Work / Illustration

Sibba Hartunian’s rapidly sketched zines show the importance of hanging loose

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Sibba Hartunian: Snakes

“Making Riso zines started as a fun experiment for myself just to loosen up,” says New York illustrator Sibba Hartunian, whose day job crafting endearing collage-based children’s books is quite at odds with her rough and ready zines. “I didn’t have to worry about the more meticulous planning that is involved with narrative work or trying to appeal to a certain audience.” Not only did working on the zines give New York-based Sibba a space for her brain and hand to play, soon the demand for her zines was outstripping her ability to produce them, selling out in shops in LA, London and Barcelona. “It’s funny how when you stop worrying about what other people think and just enjoy and trust yourself, you tend to draw more people in.”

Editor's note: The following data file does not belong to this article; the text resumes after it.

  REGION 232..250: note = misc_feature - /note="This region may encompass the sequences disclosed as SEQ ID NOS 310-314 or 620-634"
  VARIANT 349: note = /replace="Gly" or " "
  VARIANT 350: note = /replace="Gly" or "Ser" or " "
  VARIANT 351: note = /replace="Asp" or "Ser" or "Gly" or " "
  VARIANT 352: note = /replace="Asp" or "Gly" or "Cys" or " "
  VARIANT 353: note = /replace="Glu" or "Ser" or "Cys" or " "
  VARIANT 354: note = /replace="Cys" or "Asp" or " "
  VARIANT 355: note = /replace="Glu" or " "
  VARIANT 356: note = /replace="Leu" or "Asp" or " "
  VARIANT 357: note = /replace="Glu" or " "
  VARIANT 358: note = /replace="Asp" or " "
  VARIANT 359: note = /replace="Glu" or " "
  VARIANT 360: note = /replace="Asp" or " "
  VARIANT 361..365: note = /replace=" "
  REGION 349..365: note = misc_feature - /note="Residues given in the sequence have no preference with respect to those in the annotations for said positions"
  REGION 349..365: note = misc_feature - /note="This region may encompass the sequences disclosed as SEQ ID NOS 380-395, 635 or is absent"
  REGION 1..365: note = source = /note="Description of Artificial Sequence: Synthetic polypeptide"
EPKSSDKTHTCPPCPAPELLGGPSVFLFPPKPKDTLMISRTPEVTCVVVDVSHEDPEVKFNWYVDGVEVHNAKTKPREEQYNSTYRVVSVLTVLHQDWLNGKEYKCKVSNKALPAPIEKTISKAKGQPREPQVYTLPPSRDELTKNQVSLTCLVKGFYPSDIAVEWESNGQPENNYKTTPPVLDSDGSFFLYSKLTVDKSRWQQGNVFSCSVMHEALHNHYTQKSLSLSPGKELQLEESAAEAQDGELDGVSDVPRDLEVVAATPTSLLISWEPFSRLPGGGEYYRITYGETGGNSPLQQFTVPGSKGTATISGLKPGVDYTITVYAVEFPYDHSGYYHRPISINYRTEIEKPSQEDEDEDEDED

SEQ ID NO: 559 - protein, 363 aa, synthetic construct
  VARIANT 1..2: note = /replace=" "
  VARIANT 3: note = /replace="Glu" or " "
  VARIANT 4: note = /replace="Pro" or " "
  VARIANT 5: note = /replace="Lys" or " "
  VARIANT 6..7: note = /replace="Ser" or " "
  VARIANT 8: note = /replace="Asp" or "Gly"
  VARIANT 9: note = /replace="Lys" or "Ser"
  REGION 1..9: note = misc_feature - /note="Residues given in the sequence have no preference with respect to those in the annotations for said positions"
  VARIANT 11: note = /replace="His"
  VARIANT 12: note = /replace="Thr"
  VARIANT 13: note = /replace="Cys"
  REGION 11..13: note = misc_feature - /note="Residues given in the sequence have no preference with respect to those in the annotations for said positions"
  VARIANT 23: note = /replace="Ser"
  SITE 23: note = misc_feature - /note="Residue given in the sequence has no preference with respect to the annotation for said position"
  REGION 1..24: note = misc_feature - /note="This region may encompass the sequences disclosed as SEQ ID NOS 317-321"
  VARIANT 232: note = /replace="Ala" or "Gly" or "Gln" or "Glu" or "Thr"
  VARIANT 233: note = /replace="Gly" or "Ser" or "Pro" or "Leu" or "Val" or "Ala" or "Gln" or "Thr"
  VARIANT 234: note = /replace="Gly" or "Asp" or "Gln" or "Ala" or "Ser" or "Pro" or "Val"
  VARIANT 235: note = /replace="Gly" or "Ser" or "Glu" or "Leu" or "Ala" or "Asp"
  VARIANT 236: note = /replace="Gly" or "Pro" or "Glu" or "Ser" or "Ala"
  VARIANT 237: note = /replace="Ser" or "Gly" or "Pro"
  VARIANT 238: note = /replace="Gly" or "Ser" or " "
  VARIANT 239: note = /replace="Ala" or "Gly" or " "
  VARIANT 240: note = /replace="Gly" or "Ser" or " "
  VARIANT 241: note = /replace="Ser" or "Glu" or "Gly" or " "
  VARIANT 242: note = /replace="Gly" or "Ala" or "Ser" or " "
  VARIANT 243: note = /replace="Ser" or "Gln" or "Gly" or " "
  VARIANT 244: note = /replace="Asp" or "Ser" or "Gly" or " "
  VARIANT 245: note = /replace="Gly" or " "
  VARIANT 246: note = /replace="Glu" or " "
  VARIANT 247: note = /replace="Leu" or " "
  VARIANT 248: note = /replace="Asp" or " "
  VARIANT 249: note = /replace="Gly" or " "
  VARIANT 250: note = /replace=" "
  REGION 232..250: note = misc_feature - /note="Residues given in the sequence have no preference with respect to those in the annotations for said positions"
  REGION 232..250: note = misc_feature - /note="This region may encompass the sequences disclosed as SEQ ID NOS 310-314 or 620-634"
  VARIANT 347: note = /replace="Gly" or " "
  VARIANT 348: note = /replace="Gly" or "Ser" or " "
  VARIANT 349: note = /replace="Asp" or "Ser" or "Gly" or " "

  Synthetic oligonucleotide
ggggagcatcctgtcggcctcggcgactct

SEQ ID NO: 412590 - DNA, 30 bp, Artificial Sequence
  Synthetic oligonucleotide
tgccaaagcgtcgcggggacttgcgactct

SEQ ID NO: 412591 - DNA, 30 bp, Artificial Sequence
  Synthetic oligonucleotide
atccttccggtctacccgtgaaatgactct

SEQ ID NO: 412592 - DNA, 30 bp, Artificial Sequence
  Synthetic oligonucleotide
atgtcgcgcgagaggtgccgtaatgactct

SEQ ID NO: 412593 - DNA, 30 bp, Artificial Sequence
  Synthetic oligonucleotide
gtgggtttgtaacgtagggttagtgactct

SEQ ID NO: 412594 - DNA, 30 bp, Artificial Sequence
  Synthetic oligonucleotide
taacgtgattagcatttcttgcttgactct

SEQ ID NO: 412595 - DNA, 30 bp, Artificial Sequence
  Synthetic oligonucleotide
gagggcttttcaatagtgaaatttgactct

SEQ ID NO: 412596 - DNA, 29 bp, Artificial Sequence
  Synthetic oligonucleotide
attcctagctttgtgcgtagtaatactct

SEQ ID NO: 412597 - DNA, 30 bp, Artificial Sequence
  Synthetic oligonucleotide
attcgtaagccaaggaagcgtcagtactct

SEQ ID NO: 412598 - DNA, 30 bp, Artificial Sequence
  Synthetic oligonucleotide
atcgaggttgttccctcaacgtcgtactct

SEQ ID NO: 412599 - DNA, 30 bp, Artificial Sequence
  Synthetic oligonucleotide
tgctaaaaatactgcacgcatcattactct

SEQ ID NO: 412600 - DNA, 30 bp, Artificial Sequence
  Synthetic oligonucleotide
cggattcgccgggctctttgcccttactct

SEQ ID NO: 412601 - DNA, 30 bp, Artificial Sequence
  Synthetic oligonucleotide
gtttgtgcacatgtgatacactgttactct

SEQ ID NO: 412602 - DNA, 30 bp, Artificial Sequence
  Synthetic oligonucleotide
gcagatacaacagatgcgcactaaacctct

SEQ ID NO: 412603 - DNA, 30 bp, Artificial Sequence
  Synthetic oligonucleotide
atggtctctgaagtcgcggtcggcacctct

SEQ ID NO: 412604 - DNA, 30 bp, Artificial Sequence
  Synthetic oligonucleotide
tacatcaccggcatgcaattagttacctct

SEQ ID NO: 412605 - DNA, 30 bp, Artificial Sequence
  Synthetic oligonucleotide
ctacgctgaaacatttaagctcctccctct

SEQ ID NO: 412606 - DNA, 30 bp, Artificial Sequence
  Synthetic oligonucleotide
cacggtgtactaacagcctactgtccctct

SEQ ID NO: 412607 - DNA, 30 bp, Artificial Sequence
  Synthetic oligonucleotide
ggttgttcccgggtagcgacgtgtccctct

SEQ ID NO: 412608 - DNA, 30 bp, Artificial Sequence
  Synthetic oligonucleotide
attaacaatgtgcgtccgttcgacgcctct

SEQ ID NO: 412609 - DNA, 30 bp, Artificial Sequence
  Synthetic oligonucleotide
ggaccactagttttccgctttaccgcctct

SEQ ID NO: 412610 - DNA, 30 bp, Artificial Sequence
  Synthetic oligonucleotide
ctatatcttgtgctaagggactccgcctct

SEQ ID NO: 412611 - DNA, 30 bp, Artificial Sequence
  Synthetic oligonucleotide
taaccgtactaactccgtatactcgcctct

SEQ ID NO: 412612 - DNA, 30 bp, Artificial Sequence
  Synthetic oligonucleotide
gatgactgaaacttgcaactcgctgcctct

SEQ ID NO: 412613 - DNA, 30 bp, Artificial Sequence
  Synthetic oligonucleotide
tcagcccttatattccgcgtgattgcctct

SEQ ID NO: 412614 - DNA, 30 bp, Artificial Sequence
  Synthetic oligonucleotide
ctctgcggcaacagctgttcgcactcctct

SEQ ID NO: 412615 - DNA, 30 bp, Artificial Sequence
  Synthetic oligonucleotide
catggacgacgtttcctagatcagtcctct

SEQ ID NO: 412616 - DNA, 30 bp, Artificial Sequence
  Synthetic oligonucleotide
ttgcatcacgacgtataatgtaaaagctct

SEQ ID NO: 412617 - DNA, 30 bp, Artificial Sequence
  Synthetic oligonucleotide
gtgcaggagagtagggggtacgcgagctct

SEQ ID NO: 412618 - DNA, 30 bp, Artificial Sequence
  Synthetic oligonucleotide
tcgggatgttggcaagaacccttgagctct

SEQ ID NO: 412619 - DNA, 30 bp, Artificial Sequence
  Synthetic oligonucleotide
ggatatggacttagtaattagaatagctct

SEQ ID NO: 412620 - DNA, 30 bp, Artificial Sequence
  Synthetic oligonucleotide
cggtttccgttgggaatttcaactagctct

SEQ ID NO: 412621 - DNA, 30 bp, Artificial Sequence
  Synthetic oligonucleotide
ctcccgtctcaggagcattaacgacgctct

A former librarian and archivist, Sibba often seeks inspiration from her huge stack of books, magazines and found materials or from historical sources. Her first zine Art of the Americas is a collection of some of the quirkier artefacts from the nearby Brooklyn Museum (think peculiarly shaped ritual bowls and statues with hella side-eye). “Museum collections and found photographs provide a great jumping off point for me as there’s some context. I see a connection between my zines and my interest in historical fiction and magical realism; a basis in fact and history but with a twist.”

Whereas zine series Landforms focused on the natural world using collage, Masks returns to the free and easy drawing style of Art of the Americas, and instead riffs on some of the stern and comic masks in the Brooklyn Museum. “I love drawing faces but sometimes it’s more compelling to draw something a little more anonymous and mysterious like masks,” she says. Her latest zine Snakes is the first of new series of animal-themesd publications. “A big part of making this zine was wanting to play around with the binding – French link stitch – that I was trying for the first time, says Sibba. “Snakes often get a very bad rap but they are beautiful creatures.”

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Sibba Hartunian: Masks

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Sibba Hartunian: Art of the Americas

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Sibba Hartunian: Art of the Americas

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Sibba Hartunian: Art of the Americas